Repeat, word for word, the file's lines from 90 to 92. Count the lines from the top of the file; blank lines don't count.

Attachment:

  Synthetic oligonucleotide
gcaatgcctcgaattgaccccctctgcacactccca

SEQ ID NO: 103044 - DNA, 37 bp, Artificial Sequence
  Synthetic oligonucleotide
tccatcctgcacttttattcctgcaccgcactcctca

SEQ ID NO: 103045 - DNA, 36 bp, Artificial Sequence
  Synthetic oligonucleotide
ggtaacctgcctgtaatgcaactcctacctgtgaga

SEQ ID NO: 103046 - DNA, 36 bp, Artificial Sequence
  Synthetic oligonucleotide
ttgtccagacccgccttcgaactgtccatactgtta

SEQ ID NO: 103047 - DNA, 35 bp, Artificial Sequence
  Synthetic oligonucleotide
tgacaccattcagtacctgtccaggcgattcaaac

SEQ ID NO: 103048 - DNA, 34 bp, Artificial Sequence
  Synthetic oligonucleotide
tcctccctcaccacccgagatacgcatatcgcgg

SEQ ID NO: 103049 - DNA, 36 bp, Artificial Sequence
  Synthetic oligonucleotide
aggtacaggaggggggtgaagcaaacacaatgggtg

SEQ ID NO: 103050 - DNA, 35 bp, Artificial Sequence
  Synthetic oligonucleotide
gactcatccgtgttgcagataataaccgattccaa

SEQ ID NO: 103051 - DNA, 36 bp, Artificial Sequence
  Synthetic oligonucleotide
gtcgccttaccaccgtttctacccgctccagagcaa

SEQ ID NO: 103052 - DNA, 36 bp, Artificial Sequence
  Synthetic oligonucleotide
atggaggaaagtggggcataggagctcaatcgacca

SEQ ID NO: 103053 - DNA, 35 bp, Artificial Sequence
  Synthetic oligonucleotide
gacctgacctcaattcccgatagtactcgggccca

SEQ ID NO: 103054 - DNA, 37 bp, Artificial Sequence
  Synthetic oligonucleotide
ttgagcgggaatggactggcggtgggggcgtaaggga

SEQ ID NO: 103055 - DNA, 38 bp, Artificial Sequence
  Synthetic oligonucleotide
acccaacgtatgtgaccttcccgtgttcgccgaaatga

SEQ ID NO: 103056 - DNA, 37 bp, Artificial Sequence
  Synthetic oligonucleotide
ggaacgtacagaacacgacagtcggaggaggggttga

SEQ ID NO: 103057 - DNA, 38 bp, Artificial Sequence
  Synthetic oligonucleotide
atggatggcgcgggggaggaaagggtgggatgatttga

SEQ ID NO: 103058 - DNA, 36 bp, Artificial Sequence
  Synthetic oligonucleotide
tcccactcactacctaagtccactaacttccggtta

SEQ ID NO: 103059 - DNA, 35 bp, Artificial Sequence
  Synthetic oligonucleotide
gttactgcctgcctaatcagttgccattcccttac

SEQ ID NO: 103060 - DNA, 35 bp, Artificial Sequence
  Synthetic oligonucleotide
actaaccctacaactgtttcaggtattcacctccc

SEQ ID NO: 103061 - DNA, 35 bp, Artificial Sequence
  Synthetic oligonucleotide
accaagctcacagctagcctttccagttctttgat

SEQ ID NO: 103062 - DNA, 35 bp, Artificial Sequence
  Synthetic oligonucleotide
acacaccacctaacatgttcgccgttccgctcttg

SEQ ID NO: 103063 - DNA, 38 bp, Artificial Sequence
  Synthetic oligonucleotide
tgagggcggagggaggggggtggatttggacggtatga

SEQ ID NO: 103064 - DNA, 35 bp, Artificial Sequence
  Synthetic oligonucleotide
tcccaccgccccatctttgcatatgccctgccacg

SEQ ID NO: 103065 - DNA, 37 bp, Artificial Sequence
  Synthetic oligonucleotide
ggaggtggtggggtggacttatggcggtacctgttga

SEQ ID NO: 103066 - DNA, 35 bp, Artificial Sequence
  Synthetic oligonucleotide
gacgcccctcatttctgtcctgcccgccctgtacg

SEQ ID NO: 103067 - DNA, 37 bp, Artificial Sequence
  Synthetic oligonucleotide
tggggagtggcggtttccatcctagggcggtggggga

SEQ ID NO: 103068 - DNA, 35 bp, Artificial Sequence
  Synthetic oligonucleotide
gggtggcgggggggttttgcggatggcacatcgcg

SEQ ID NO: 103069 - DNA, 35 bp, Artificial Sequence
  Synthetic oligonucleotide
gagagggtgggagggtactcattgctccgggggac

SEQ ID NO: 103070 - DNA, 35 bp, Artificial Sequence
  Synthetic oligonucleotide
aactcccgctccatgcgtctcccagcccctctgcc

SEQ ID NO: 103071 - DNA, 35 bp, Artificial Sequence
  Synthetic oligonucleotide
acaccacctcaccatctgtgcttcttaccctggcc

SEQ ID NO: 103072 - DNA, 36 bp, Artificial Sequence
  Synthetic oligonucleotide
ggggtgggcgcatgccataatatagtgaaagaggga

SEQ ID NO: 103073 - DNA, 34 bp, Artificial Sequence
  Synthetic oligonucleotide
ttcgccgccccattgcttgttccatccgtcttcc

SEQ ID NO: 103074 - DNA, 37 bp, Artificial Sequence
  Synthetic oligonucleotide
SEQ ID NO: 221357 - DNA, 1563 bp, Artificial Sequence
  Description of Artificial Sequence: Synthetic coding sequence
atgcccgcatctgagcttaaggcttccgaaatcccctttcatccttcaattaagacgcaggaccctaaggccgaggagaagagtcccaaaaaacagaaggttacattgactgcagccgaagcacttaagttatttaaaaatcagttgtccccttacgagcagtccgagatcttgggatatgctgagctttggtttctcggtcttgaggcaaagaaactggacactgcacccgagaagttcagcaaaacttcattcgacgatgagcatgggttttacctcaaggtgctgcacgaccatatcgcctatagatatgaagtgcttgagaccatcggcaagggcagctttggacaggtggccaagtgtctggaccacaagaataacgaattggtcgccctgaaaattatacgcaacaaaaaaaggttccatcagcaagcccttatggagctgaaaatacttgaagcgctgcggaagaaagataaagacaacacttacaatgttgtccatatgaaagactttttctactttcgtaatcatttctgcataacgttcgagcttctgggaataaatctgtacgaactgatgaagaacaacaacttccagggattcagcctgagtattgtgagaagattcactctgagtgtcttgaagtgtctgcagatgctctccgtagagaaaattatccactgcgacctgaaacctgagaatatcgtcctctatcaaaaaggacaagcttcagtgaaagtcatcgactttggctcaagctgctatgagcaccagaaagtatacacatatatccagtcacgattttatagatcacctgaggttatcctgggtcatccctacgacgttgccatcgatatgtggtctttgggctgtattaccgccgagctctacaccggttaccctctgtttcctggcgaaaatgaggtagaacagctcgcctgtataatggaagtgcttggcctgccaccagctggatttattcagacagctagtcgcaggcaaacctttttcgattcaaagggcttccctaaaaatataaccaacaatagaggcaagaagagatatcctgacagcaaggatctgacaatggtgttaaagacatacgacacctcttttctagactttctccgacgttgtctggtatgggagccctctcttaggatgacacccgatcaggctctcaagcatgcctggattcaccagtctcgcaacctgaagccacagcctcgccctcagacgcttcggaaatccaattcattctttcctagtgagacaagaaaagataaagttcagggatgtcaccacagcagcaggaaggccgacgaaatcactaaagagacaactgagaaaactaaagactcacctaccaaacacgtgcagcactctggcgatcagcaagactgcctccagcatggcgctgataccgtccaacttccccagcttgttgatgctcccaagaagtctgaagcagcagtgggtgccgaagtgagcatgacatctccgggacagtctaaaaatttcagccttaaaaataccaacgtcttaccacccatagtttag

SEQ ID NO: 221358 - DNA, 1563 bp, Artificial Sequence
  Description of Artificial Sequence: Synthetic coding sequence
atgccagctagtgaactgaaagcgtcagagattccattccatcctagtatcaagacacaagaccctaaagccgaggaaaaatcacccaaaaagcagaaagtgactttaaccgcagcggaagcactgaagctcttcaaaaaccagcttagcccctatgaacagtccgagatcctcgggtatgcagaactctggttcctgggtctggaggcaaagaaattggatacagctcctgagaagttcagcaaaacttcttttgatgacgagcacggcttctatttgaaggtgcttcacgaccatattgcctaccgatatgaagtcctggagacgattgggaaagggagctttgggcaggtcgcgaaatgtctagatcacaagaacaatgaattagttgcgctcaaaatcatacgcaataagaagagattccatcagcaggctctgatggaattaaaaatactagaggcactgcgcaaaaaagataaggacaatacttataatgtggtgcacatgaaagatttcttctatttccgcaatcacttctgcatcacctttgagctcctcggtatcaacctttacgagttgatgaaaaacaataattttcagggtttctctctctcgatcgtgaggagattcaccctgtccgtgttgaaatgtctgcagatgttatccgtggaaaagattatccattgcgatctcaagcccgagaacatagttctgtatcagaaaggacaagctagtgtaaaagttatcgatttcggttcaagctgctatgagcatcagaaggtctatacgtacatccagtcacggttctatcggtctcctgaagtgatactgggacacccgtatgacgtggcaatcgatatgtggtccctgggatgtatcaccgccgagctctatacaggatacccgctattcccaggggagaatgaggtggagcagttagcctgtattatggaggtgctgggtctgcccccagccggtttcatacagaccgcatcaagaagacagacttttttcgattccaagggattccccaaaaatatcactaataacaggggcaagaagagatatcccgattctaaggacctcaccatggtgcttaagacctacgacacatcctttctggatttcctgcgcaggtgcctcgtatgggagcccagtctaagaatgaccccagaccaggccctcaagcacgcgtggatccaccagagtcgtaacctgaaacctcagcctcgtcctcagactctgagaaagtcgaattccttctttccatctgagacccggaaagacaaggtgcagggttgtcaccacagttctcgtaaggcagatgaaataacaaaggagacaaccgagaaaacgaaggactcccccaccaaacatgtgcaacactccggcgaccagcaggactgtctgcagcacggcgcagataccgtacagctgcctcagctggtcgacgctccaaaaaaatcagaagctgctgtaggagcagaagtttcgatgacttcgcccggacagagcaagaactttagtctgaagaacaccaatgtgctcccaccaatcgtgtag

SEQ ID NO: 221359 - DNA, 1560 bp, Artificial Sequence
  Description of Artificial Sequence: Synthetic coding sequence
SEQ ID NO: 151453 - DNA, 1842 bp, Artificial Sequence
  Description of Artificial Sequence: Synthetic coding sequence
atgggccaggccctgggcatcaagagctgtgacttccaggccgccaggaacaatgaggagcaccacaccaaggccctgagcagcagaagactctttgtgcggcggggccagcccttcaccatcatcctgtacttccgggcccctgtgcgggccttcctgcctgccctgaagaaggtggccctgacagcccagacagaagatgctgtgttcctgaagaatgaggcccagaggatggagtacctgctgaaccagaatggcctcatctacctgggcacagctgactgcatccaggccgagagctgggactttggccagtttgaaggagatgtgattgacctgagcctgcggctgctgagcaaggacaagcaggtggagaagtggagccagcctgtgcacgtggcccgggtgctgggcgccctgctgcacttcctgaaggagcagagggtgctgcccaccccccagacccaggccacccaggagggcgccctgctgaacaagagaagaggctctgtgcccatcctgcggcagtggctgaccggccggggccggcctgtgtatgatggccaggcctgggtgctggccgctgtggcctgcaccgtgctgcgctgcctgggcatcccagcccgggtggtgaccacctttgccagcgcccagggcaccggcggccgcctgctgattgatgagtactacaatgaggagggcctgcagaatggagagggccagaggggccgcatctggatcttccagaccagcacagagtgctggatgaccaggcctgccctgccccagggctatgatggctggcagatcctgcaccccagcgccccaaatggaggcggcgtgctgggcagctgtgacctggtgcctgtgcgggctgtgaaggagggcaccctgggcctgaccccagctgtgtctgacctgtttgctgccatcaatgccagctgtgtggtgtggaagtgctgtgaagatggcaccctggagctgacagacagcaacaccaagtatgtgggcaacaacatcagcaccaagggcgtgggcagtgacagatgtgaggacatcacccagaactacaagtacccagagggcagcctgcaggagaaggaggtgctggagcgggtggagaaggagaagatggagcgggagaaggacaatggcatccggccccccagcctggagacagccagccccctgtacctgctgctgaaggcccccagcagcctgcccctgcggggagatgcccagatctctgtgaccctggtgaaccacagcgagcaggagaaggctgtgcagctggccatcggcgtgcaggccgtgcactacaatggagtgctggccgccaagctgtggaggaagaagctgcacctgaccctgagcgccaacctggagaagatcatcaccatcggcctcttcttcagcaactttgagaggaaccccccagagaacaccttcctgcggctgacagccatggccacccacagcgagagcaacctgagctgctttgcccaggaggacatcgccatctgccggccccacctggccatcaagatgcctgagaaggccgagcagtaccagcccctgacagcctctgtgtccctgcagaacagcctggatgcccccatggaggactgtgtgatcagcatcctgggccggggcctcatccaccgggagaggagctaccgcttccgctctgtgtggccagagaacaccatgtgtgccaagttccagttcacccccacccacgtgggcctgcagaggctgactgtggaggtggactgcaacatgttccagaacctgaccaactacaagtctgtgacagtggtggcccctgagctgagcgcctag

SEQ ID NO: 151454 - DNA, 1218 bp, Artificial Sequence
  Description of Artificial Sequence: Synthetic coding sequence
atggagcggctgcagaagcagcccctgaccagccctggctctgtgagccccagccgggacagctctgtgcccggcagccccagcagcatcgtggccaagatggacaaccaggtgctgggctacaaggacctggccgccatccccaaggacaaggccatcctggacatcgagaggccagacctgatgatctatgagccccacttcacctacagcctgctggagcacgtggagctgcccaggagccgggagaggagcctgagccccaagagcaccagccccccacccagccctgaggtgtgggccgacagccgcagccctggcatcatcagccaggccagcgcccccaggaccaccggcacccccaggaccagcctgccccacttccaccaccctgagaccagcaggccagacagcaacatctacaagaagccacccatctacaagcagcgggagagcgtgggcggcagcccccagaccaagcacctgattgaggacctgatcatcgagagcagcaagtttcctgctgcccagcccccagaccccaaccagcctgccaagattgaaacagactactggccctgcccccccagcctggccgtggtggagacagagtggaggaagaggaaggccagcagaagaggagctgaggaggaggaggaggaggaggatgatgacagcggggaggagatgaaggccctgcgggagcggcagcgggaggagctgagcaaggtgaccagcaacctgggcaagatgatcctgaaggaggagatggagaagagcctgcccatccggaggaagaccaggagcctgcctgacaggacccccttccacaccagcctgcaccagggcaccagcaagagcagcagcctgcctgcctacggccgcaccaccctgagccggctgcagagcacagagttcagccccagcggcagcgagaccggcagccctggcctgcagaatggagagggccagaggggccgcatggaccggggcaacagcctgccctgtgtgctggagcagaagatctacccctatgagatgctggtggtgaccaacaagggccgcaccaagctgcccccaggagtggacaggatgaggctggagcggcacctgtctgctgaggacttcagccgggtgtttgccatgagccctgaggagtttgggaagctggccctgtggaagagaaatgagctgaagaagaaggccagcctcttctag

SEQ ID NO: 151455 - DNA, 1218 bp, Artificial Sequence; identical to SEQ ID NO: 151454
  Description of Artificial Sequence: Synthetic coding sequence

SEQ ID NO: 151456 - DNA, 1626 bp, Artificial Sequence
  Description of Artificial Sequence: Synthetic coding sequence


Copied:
SEQ ID NO: 103073 - DNA, 34 bp, Artificial Sequence
  Synthetic oligonucleotide
ttcgccgccccattgcttgttccatccgtcttcc